Former chief justice Surendra Kumar Sinha has sought asylum in Canada, reports The Star at Toronto.
The Canadian media outlet also said he pleaded for the refuge to the Canada government ‘claiming that he was threatened for refusing to support political interference that would have given parliament greater power to axe dissenting judges.’
“I was being targeted because I was an activist judge. I delivered judgments that provoked bureaucrats, the establishment, politicians and even terrorists,” SK Sinha, who resigned on 11 November 2017, was quoted to have said in an interview with The Star.
President Abdul Hamid accepted his resignation on 13 November.
“I am the enemy of the country, the persona non grata,” he was also quoted in the report.
Earlier on 10 July this year, the Anti-Corruption Commission (ACC) filed a case against the former chief justice, SK Sinha, and 10 others accusing them of accumulating illegal wealth and laundering Tk 40 million.
The ACC summoned five officials of Farmers Bank Ltd (now Padma Bank) on 25 September 2018 for interrogation over deposit of Tk 40 million in SK Sinha's account with the bank.
On 6 May, ACC interrogated two businessmen -- Md Shahjahan and Niranjan Chadra Saha -- for allegedly taking Tk 40 million in loan from the bank using fake documents and depositing that in the bank account of a VVIP.
The Star report also said last year, Amnesty International raised concerns over the growing interference by the Bangladesh government in the judiciary, citing SK Sinha’s departure, and noting that human rights defenders were often harassed and intimidated, and “enforced disappearances persisted.”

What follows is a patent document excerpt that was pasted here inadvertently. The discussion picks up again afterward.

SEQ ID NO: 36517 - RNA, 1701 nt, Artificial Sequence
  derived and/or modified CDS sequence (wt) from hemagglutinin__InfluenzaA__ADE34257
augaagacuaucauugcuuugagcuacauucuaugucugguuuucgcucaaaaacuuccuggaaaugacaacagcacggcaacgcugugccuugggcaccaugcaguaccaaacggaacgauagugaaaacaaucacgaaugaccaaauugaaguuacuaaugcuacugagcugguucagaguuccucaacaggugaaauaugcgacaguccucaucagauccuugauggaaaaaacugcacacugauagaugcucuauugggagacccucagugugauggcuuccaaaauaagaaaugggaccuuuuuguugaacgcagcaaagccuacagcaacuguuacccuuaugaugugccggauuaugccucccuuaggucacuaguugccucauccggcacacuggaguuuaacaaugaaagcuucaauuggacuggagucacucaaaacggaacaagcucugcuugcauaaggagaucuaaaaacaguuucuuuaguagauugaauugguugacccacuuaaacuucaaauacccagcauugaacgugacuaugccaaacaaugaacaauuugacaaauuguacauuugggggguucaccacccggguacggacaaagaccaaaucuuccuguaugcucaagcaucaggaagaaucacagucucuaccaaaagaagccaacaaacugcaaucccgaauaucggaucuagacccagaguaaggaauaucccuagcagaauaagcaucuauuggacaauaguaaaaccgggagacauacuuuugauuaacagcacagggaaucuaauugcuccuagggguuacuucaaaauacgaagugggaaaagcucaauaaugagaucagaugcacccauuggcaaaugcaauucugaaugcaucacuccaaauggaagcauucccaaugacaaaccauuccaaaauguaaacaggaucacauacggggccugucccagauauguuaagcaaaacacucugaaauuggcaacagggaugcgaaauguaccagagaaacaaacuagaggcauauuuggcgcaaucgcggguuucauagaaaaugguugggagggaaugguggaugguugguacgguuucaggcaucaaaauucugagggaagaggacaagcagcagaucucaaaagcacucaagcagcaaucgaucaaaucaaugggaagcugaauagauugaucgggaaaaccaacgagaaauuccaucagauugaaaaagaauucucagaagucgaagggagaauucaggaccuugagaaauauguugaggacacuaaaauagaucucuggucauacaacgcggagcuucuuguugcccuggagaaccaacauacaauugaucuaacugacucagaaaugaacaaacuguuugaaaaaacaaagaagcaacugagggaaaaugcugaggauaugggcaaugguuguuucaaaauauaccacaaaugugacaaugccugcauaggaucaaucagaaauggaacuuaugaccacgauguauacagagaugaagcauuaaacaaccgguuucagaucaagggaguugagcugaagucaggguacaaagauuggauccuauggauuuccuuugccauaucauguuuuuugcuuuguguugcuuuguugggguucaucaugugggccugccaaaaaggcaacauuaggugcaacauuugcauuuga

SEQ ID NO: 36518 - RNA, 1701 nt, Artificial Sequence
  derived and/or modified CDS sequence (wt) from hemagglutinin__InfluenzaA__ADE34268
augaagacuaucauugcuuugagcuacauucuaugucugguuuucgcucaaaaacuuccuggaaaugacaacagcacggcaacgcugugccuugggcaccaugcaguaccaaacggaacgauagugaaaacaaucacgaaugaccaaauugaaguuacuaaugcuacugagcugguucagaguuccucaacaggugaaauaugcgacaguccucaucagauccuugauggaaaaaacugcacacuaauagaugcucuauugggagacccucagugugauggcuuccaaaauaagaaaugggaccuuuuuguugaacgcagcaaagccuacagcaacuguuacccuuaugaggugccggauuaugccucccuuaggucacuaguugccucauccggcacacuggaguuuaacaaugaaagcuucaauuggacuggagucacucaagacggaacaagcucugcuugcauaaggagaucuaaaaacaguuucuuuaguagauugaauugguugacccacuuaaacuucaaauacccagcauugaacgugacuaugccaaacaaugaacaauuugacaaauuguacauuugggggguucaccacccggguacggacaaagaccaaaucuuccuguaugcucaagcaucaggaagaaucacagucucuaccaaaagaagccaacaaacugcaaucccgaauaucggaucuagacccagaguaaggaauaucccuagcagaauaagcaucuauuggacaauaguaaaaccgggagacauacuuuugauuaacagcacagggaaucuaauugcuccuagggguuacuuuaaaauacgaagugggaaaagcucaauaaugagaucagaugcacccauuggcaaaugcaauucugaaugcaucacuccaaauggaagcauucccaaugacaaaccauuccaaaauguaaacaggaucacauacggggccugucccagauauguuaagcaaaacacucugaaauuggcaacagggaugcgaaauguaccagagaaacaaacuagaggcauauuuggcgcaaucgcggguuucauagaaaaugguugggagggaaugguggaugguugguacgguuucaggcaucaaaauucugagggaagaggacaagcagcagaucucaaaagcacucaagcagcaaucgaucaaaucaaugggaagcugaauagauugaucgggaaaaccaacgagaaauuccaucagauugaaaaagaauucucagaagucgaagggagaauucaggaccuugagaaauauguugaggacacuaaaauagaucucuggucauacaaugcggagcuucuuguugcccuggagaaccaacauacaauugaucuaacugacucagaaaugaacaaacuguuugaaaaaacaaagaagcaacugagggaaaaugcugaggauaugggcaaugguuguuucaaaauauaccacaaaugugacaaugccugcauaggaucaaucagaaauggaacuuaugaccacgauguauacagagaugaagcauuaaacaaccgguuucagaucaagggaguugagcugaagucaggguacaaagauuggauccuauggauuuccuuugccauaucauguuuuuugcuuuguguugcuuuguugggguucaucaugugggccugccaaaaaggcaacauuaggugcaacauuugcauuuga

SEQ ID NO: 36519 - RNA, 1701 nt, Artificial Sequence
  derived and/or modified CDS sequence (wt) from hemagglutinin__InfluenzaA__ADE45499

Bangladesh’s high commissioner to Canada, however, denied Sinha’s accusations, it added.
“All I can tell you is since he left Bangladesh, he has been making these inaccurate statements about the government,” high commissioner Mizanur Rahman was quoted to have said to The Star in a phone interview from Ottawa.
“He is absolutely under no threat to return to the country. He is making these statements just to strengthen his refugee claim,” Mizanur was also quoted.
The Star also said, “Sinha flew to Canada to visit his other daughter who was studying in Manitoba, before heading to the United States in January 2018 and settling with his brother in New Jersey.”
He then made an asylum claim in the US.
However, the American asylum claim is still in process and his wife has also made a claim in Canada.
SK Sinha told the media that he made up his mind to come to Toronto recently when his wife fell very ill and wanted to be with their daughter in Canada.